We could do with less chatter and more action, but old habits die hard. Which is why there is microscopic analysis about which Madhesi faction has the upper hand in the Tarai, what the Maoist split means in the far-west for the NC and how the UML can regain lost grassroots support. There is speculation about how issues of federalism and ethnicity will play out, and how identity politics could upset all calculations.
Guessing the outcome of elections is an international past-time, and we can't do much to change the way politicians and political parties approach elections, either. Universally, the run-up to polls is a time of populist policies, whipping up paranoia about immigrants, accusing rivals of selling out on natural resources to foreign investors, or postponing urgent decisions on the economy because of what it might mean for a party's standing in the polls. Whether in recent elections in Greece or France, the forthcoming elections in the United States, or the next polls in Nepal, politicians are hard-wired to behave with short-term time horizons and be single-minded in their pursuit of power.
What is different about Nepal compared to more mature democracies is that fatal flaws in our electoral process lead more directly to governance failure. Elections should be the mechanism through which citizens select the most efficient and honest managers to make laws and run the country for four years. But the way they are actually run, elections embed corruption into the body politic so that the rot spreads right through society.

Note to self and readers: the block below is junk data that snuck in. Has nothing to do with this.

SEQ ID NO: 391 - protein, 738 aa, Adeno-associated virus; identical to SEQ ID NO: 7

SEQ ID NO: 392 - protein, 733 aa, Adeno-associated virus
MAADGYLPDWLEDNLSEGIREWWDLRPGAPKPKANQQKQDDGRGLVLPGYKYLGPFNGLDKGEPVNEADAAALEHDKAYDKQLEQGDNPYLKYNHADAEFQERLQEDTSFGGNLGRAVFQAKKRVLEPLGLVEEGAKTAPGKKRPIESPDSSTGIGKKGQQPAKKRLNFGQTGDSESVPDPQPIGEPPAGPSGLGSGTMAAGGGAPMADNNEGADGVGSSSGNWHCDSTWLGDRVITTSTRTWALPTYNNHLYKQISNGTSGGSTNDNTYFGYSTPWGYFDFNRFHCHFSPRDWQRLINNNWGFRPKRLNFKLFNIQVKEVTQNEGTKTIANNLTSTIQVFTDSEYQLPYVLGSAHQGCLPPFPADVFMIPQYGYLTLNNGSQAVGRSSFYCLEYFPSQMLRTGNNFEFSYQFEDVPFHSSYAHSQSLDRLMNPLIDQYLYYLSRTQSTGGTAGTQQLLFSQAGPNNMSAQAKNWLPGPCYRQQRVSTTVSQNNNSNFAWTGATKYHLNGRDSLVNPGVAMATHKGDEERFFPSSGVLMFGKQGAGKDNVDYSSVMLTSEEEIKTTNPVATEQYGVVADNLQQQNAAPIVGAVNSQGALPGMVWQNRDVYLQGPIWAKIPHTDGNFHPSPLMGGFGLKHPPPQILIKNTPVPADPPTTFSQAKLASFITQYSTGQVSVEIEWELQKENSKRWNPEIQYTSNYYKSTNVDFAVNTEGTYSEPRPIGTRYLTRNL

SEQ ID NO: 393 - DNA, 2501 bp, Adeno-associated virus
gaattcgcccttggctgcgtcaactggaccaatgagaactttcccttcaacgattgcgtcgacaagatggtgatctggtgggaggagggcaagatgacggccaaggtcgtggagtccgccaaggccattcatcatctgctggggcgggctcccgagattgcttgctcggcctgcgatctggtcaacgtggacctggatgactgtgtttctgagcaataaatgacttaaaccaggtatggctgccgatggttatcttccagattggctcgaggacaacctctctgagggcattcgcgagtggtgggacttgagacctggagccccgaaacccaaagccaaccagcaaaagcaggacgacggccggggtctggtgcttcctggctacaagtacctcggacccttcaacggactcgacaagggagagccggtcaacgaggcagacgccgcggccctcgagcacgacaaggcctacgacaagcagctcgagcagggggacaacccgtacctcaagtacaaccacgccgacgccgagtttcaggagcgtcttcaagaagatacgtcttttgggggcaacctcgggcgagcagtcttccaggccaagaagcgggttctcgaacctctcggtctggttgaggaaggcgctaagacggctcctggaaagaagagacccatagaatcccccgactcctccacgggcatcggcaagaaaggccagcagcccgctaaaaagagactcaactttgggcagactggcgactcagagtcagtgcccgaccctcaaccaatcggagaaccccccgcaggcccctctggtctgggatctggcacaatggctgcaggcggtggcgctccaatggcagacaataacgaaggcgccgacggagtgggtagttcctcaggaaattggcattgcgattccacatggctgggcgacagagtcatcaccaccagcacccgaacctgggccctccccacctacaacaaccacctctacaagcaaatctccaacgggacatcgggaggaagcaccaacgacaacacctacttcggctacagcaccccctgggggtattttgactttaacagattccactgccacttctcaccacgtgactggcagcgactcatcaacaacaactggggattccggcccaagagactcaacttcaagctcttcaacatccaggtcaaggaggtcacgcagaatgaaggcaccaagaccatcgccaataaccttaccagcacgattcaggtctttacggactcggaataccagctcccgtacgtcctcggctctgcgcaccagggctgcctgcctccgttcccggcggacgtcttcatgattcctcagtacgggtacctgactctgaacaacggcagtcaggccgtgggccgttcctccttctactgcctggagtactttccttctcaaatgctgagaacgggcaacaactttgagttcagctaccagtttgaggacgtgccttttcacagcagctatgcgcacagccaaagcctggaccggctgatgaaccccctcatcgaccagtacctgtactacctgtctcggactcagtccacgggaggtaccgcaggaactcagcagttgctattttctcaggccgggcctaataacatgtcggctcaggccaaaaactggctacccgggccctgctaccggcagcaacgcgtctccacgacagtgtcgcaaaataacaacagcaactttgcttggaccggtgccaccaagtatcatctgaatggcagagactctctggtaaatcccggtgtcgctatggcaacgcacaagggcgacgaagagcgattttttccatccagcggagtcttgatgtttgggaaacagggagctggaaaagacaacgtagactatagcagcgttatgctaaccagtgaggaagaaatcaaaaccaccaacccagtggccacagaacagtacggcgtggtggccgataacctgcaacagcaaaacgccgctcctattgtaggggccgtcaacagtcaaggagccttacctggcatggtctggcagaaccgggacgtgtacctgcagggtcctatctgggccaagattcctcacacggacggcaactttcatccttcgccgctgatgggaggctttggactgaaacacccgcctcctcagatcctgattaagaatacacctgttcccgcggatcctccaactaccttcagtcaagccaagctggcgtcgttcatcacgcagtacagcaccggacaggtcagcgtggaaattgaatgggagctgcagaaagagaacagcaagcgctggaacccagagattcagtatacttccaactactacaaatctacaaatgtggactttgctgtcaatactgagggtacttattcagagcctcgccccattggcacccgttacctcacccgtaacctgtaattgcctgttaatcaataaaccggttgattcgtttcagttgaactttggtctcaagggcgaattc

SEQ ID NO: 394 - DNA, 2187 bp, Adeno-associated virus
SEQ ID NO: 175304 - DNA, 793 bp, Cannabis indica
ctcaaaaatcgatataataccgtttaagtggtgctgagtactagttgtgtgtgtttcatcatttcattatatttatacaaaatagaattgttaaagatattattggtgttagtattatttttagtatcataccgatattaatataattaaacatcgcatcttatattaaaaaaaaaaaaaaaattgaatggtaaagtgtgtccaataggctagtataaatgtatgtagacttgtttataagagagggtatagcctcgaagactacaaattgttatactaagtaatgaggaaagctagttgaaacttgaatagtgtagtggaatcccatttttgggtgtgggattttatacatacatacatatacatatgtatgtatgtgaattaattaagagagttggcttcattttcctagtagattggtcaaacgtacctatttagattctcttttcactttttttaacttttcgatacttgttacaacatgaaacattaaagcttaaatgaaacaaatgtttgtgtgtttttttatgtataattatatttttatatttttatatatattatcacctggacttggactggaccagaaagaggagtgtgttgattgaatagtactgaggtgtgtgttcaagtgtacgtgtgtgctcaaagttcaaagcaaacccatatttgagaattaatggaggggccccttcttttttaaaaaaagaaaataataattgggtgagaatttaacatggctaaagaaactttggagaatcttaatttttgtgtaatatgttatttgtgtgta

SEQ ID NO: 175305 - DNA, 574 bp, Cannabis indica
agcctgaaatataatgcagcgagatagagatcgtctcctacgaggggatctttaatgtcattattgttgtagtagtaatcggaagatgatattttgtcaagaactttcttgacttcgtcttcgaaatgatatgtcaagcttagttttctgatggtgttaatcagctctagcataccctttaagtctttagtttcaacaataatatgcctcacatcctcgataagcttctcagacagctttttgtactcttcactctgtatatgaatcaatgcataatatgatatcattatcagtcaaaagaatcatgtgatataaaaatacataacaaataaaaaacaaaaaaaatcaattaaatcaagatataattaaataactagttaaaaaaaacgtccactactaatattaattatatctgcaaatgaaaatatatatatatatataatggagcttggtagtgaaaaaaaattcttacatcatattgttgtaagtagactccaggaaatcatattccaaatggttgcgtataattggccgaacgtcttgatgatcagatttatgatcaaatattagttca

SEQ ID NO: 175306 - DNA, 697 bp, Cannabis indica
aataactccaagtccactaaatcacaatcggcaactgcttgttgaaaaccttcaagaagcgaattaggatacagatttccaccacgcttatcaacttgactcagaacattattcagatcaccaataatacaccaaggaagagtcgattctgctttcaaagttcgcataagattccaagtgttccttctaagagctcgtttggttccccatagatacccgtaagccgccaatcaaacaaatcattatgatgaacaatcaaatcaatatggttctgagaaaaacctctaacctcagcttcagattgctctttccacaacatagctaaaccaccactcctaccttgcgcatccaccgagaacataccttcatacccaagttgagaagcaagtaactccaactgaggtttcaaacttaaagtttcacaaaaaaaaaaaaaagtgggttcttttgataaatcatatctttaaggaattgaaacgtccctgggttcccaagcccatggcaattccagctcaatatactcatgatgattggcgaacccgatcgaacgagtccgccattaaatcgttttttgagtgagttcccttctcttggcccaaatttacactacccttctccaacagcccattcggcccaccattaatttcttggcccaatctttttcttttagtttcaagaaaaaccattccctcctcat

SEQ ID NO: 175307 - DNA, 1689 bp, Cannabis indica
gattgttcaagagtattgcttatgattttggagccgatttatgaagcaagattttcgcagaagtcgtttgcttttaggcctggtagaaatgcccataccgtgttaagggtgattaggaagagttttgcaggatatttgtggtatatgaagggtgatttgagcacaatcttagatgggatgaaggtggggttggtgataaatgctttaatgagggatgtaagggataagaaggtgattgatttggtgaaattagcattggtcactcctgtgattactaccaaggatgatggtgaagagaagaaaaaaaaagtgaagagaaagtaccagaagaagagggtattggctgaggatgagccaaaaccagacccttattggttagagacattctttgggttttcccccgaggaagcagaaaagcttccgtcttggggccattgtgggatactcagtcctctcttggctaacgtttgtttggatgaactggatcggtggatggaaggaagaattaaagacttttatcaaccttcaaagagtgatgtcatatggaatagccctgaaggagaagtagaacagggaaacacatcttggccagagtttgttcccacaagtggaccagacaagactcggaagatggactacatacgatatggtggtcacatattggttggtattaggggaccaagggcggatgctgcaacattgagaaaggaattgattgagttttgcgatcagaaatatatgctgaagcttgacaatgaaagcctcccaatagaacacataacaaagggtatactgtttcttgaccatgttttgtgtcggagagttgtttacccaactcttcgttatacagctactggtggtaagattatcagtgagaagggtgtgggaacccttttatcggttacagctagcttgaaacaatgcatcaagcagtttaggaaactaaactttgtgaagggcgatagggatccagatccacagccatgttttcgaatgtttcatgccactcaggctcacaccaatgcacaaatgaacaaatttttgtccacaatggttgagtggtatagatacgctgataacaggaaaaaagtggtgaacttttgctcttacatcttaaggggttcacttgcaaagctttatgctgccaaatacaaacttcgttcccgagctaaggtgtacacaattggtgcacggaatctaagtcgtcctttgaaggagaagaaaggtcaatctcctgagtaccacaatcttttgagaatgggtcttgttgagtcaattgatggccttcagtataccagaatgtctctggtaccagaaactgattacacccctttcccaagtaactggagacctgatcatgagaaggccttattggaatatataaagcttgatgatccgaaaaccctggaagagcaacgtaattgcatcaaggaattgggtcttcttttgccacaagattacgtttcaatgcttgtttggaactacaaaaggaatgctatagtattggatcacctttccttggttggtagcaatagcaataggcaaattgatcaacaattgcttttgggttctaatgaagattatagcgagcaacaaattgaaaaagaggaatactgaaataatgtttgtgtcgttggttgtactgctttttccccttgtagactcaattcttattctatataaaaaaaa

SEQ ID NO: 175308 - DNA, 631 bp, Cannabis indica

Political parties have to raise money from businesses to finance elections either to buy votes or buy goons. When they get to power they have to repay their benefactors in contracts. There has been so little investment and businesses are so cash-strapped, however, that political parties have to make sure they amass as much resources as possible while in government so they can finance future campaigns. Incumbent politicians today don't
even try to hide the plunder of the exchequer while in office because it has become standard operating procedure.
Nepal's multi-party democracy started decaying almost as soon as it was restored in 1990. It wasn't for any inherent flaw in the system, but the way it was mishandled by those with electoral mandates. Freedom fighters from the 1960s who suffered long years in jail and exile showed very early on that they couldn't handle power. Suffering incarceration and persecution for the cause of democracy doesn't, it seems, necessarily guarantee leadership qualities.
Neither, it seems does taking up arms: the Maoists in power have proved to be just as greedy and selfish as the other fellows. The only difference is that they have honed ransacking the treasury into a fine art, and combined with past and on-going extortion, this gives them a formidable war-chest. You can be sure the current Maoist-Madhesi coalition will step down when it has had its fill, and there is nothing left to steal from the state.
They say Nepal is not poor, only poorly-governed. And it will stay that way unless we reform the electoral process with strong laws to regulate campaign financing. Until then, all intellectual navel gazing about the relative standing of the parties is pointless.